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Ancient buildings were more beautiful than new ones?

Jul 20 '12 23 Last Comment
Transparence
Jul 20, 12 7:30 am

Ancient buildings were more beautiful than new ones, do you agree with this? Share your views.

 

archinet
Jul 20, 12 8:43 am

  i don't think its necessarily only a style issue. But also a quality issue. Ancient buildings were built to last forever- which help make them beautiful.

Also I do believe details matter a-lot. And if a building is well detailed no matter the style this contributes to it being beautiful. Construction quality has been so badly degraded for the past 50 years, especially in North America that I can understand why the majority of people do not like it, and therefore blame modern style as the sole perpetrator.    

bob/bob
Jul 20, 12 8:55 am

One thing that makes my Midwestern American city so attractive is the quality of the historic buildings, mostly limestone and brick, built between the Civil War and WWII. ( We have some good new buildings, too, but I worry that they will not age well.)  Anyway, my point is that lots happened between the fall of Rome and Bilbao that is also worthy of consideration.

citizen
Jul 20, 12 10:44 am

It's important to bear in mind that most ancient buildings substantial enough to survive for centuries were built with slave labor.  It doesn't make them less beautiful as objects --maybe.  But it does give us something to consider when evaluating them, their architects, and their patron-clients.

won and done williams
Jul 20, 12 11:03 am

I see little difference between Imhotep and Rem's slave labor. ;)

there is no there
Jul 20, 12 11:13 am

There were plenty of buildings through the years that weren't built to last nor beautiful. Only the ones that were built to last and worth keeping, lasted.

gwharton
Jul 20, 12 1:08 pm

Time is a crap filter.

Jul 20, 12 1:18 pm

"Ancient building were more beautiful than new ones?"

My english isn't that great but shouldn't that be an 'are' instead of a 'were'?  Cause my head hurts when trying to think of when ancient building were more beautiful but weren't more new.

Yo?

RyuArch
Jul 20, 12 1:19 pm

Your view of some ancient buildings is of their decayed state (e.g. the decay of ancient Mediterranean architecture that has been stripped of its paint and pigments via the weathering of time). So an accurate comparison is lacking. Also, modern architectural aesthetics have changed so rapidly, I am not sure what you are trying to compare. Is a roman brothel house more beautiful than La Sagrada Familia? or is the Coliseum more beautiful than our modern day gladiatorial arenas?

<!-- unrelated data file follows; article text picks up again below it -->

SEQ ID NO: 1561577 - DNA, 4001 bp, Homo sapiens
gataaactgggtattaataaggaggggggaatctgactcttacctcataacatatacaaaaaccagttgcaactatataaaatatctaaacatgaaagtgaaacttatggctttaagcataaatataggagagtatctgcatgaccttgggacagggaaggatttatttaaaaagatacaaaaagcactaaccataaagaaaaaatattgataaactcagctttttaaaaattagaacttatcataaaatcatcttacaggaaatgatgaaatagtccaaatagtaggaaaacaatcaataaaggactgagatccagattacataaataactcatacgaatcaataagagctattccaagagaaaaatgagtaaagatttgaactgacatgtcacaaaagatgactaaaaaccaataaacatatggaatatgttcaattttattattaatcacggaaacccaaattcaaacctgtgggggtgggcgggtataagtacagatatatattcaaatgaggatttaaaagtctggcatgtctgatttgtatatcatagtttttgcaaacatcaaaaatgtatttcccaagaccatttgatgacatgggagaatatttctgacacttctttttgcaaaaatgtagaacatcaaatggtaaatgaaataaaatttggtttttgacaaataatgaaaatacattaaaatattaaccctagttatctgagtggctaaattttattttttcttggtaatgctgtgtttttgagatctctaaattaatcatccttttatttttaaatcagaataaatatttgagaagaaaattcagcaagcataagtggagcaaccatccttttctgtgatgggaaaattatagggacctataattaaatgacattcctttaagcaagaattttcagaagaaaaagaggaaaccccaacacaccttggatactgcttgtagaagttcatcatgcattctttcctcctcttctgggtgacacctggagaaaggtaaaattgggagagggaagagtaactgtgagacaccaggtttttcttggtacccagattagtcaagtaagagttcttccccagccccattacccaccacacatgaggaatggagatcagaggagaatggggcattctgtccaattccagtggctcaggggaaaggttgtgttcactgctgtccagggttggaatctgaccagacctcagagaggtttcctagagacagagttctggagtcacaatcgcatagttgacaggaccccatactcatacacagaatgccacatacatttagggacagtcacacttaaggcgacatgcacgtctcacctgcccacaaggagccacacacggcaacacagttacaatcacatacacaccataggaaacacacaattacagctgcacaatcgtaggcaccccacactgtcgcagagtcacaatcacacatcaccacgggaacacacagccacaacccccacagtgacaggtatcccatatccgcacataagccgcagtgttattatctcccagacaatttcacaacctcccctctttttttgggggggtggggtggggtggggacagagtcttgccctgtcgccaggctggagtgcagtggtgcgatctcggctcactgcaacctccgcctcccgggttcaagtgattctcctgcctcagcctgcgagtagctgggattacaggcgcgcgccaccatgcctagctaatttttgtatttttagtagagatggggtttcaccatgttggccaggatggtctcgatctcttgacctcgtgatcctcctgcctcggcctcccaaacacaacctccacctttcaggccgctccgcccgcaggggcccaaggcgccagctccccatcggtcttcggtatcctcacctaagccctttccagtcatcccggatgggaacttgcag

@gwharton
you must work an an international elite design firm

RyuArch
Jul 20, 12 1:21 pm

@HandsumCa$hMoneyYo

it depends if they still exist or not

design
Jul 20, 12 1:43 pm

No.

we shouldn't recreate archaeological digs.

Jul 20, 12 2:21 pm

"Time is a crap filter."

hmmm....

Yo?

Kevin W.Kevin W.
Jul 20, 12 2:40 pm

The true sustainable buildings are the ones that have lasted hundreds of years, not whats built today with it's planned obsolescence. Is something really green or sustainable if it's just going to be replaced in 10 to 30 years?

But, as far as the topic of beauty, Age does not guarantee beauty, age can enhance the beauty of materials, patina, etc.. Recreating age is usually never a good idea.

RyuArch
Jul 20, 12 2:51 pm

Yes

design
Jul 20, 12 11:16 pm

hoarding keeps old buildings alive.

Thecyclist
Jul 21, 12 6:59 pm

So many of today's buildings ignore quality and are quite fake.  They are built and then torn down 50 years later when they look outdated and start to degrade...this even goes for monumental buildings.  So much of this 'green' technology that is being paid for and placed on buildings today is just going to end up in a landfill in 10-15 years when it loses efficiency or breaks.  It's the simplicity of older buildings that make them last and the appreciation we have towards the craft put into their construction.  Both of these traits are missing in 99.9% of the things being built today.  It's hard to find structures built recently that you can say without a doubt will last for 200+ years.  I wonder during the Renaissance and medieval period, if those architects thought their buildings would last so long?